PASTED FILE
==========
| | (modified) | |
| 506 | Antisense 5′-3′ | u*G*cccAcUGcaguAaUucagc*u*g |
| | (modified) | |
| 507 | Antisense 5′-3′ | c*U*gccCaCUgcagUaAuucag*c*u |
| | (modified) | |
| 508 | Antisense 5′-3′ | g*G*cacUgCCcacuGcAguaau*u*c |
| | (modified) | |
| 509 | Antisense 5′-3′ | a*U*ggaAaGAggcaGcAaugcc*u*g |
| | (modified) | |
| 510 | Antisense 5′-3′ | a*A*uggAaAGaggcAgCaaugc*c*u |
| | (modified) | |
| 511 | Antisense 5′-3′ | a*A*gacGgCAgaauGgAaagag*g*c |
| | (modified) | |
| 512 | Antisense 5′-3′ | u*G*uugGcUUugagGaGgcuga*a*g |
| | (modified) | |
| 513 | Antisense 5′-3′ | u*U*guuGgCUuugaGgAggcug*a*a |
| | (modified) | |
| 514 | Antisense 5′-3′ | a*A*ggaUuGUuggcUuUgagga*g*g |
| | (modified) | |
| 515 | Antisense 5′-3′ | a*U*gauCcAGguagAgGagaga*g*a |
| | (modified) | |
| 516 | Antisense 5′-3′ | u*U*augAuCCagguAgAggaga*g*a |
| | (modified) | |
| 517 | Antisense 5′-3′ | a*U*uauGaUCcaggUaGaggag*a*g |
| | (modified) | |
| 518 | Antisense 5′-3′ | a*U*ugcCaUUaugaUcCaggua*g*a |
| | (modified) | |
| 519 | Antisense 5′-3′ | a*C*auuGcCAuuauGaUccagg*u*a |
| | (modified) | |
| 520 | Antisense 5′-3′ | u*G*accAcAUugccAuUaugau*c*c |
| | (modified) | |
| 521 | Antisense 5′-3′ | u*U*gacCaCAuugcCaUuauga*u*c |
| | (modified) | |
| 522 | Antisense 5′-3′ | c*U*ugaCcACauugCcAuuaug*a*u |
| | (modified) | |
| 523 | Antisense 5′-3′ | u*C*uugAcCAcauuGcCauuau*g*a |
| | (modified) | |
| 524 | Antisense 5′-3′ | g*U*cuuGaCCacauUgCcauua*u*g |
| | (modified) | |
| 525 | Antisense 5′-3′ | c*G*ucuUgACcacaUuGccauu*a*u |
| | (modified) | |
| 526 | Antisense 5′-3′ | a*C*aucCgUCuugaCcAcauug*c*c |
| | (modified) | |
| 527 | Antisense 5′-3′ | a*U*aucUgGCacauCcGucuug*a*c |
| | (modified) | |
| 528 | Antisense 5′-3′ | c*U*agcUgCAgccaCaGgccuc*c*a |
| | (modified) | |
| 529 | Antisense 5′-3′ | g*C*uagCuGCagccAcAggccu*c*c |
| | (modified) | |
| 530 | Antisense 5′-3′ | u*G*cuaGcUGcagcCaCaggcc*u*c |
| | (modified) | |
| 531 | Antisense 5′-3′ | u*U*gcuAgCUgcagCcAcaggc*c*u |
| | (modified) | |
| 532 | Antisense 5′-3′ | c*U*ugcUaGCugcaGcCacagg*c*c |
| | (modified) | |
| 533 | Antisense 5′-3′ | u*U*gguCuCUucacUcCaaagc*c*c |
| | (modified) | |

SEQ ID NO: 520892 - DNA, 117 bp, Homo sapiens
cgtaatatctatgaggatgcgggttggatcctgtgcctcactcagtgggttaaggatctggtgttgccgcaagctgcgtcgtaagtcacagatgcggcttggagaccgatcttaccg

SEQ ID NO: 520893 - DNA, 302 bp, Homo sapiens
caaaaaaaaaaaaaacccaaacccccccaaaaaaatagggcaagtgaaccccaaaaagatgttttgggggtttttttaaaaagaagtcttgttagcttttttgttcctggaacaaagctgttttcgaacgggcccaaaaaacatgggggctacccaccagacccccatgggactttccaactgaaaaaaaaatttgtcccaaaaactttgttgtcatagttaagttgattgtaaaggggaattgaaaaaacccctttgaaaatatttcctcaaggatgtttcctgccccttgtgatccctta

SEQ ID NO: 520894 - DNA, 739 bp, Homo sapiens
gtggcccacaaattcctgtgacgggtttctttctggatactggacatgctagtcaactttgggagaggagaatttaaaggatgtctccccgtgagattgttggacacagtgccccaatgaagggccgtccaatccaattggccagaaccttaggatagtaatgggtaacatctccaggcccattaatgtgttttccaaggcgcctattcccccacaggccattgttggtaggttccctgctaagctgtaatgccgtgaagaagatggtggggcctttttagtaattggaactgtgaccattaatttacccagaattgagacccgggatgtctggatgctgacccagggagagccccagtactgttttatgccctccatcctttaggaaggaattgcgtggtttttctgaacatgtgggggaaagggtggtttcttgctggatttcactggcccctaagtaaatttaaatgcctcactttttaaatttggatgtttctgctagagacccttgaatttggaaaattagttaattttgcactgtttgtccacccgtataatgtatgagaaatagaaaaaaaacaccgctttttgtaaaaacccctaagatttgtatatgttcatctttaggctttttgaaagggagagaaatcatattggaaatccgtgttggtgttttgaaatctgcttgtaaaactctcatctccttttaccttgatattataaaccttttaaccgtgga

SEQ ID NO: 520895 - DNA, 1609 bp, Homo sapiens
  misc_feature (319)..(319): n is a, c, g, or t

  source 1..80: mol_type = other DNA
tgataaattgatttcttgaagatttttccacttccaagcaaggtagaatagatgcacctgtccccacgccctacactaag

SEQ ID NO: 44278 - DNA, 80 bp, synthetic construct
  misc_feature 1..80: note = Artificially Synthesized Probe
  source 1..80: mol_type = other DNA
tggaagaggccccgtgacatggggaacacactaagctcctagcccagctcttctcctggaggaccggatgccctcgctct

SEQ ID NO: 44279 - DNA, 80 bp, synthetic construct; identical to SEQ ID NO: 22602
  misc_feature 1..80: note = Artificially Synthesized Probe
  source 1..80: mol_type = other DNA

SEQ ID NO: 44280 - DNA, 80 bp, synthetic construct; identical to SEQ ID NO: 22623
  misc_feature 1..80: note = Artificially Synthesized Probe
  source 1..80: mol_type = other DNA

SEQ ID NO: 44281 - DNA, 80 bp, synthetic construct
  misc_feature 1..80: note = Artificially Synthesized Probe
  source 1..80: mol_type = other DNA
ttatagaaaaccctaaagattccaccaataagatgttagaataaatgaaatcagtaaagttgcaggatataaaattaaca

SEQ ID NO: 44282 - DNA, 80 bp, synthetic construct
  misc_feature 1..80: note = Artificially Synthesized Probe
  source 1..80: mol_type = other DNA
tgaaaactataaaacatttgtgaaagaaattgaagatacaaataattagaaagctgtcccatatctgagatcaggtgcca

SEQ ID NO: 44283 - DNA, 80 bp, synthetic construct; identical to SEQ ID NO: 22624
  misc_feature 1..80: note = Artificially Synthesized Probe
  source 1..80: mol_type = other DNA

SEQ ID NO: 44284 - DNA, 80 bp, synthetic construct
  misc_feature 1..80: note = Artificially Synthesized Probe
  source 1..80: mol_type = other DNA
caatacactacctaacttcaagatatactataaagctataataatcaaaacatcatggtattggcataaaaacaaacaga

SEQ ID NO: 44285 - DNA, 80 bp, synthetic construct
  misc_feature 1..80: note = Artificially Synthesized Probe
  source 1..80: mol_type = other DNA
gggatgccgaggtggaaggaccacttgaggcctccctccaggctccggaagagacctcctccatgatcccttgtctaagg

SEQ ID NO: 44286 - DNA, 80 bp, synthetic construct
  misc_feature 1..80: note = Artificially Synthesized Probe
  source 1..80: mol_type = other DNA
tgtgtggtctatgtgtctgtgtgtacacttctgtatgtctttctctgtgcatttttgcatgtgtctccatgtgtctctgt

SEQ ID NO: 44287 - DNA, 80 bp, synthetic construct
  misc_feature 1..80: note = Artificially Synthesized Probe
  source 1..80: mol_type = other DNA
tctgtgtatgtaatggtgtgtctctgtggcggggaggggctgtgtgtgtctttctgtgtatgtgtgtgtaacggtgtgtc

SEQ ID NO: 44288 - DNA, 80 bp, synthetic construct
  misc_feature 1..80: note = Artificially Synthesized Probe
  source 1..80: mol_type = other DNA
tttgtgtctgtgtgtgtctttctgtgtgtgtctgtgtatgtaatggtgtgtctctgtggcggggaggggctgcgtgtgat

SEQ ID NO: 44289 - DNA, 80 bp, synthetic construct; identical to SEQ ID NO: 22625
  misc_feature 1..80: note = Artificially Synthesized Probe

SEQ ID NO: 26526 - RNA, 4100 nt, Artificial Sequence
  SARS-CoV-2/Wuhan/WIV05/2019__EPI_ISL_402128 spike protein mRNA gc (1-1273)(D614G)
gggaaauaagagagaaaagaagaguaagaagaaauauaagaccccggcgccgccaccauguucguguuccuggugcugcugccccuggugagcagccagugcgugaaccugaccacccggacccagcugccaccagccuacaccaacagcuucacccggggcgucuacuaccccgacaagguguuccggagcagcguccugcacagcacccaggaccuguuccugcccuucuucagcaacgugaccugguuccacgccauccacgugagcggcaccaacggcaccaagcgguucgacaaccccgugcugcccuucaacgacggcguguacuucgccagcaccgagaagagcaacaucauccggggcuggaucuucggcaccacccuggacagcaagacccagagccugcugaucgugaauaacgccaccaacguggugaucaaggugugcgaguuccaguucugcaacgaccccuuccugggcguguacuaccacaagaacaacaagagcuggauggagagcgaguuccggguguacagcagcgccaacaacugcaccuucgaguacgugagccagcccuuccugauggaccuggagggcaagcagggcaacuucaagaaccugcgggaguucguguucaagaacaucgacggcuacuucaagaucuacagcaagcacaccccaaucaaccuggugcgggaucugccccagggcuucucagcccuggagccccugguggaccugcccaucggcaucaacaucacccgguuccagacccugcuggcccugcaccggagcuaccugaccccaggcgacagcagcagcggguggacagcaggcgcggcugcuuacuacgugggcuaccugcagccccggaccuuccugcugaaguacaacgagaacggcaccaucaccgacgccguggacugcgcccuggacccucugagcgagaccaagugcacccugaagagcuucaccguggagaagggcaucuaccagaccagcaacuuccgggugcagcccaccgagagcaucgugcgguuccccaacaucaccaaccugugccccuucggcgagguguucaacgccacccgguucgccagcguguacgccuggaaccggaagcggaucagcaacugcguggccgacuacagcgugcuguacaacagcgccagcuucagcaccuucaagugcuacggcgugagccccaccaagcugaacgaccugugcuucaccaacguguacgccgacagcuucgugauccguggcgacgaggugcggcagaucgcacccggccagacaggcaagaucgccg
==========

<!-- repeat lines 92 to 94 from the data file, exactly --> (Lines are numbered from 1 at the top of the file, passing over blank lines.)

caatacactacctaacttcaagatatactataaagctataataatcaaaacatcatggtattggcataaaaacaaacaga

SEQ ID NO: 44285 - DNA, 80 bp, synthetic construct
  misc_feature 1..80: note = Artificially Synthesized Probe